• Join over 1.2 million students every month
  • Accelerate your learning by 29%
  • Unlimited access from just £6.99 per month

League of Nations -aims, achievements and weaknesses.

Extracts from this document...


History Homework 9/5/11 By Benjamin Bloch a) The main aims of the League of Nations were to maintain peace, to encourage security for all nations, to improve living and working conditions worldwide, to encourage disarmament and to encourage international cooperation, especially in trade. b) The structure of the League of Nations weakened it in many ways. First of all, the League took a lot of time to take action. The fact that all decisions had to be unanimous very much slowed down the process of making the decision and putting into effect the consequent action (if required). Not all countries were members. Powerful and influential countries such as the USA were never in the League, resulting in the League lacking vital support from a very powerful nation. The system of voting rights was also slow. The fact that every country had equal voting rights made important decisions hard to make when nations disagreed with each other. ...read more.


Another peacefully resolved conflict was that of Upper Silesia in 1921. The League of Nations helped organize a plebiscite (a referendum) to determine whether Upper Silesia should belong to Poland or Germany. Seven hundred thousand people voted to belong to Germany and five hundred thousand people voted to belong to Poland. Both countries accepted the decision organized by the League of Nations. The League also had many humanitarian organizations working successfully to abolish slavery, improve working conditions, help refugees to get home and cure serious diseases. These instances were all successes, but there were many more failures. In 1932, Japan invaded Manchuria, which was part of China, for the resources, needed due to economic depression. China then appealed to the League of Nations for help. It took a year, until February 1933, to file a report and for a decision to be made. The most the League could do was condemn Japan. Trade restrictions were ineffective as Japan could just trade with the USA. ...read more.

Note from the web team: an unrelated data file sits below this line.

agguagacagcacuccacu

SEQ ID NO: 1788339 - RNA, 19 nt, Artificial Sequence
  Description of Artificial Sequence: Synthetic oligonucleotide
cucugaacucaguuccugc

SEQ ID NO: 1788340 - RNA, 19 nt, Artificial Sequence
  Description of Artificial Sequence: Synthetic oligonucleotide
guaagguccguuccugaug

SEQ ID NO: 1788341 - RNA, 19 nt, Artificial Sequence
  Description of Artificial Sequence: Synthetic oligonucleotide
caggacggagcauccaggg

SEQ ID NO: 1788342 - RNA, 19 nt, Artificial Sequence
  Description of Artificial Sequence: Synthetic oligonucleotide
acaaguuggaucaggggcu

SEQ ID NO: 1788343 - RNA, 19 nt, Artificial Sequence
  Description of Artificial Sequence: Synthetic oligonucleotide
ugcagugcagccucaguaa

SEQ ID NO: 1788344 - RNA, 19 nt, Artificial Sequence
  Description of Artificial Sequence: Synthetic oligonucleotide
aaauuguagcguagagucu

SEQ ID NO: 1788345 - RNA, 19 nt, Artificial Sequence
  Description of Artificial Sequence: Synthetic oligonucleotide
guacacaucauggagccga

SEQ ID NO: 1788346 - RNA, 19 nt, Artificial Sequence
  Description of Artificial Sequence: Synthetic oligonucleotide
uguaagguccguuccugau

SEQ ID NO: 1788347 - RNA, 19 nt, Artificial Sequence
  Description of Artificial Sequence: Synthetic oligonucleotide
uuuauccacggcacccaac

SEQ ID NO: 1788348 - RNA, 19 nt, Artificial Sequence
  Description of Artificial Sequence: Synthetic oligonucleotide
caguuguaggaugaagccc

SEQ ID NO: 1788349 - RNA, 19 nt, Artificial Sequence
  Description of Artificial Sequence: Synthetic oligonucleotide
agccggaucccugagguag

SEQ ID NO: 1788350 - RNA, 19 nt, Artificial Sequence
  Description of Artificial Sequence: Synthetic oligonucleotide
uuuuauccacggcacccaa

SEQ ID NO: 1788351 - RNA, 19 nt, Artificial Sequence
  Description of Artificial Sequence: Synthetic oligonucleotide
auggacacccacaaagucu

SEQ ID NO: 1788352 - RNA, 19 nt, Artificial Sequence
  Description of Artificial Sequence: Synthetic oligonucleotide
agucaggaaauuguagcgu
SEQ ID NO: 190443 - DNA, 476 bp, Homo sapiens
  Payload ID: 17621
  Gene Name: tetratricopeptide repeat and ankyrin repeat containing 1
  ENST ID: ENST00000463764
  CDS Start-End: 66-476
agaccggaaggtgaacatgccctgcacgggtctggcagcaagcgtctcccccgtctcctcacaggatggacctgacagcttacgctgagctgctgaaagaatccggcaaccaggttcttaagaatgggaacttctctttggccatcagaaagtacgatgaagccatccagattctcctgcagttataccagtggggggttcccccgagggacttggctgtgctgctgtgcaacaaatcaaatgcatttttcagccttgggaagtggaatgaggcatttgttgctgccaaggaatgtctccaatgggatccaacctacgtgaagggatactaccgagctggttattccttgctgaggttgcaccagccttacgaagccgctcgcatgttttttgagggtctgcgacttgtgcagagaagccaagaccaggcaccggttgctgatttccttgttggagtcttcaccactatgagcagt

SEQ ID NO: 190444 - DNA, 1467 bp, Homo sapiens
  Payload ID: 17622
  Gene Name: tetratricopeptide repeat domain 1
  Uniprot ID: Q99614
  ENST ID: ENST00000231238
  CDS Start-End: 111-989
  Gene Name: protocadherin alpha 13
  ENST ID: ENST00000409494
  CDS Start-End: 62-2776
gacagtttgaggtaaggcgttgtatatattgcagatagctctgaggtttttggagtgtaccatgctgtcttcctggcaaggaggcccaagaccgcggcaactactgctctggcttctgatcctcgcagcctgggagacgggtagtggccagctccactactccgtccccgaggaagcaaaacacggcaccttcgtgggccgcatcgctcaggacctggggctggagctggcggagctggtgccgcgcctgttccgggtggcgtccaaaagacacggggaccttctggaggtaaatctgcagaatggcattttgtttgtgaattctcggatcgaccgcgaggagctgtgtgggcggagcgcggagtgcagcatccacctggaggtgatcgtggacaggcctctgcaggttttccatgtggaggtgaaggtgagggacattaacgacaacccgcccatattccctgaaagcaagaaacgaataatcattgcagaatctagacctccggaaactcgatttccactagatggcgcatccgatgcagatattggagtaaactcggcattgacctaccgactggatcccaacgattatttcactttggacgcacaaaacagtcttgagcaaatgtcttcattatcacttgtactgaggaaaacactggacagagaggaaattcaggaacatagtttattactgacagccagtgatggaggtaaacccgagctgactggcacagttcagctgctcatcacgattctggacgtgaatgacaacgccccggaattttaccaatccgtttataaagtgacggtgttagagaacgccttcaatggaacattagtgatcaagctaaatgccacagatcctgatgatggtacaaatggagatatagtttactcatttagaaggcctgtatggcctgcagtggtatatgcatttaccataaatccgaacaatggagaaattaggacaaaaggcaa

Another time, when Italy invaded Abyssinia in October 1935. The League imposed sanctions on Italy, but as none of these included oil, Italy could sufficiently run. America even sent more oil to Italy. This was a catastrophe for the League. Generally, the League of Nations was more of a failure than a success. The League lacked many important factors, such as the support of the USA and an army of it's own. Their decision making processes were slow, and when a decision was made, they had little to no means of punishing a country or putting into effect a decision. This resulted in many failures. However, when the system went as it should, the outcome was as intended, as in the Aaland Islands. The League also had many committees that solved many problems such as slavery and diseases. The League of Nations was therefore a success in issues less directly linked to specific countries, but when involved in specific disputes, the League lacked the power to make a significant difference. ...read more.

The above preview is unformatted text

This student written piece of work is one of many that can be found in our GCSE International relations 1900-1939 section.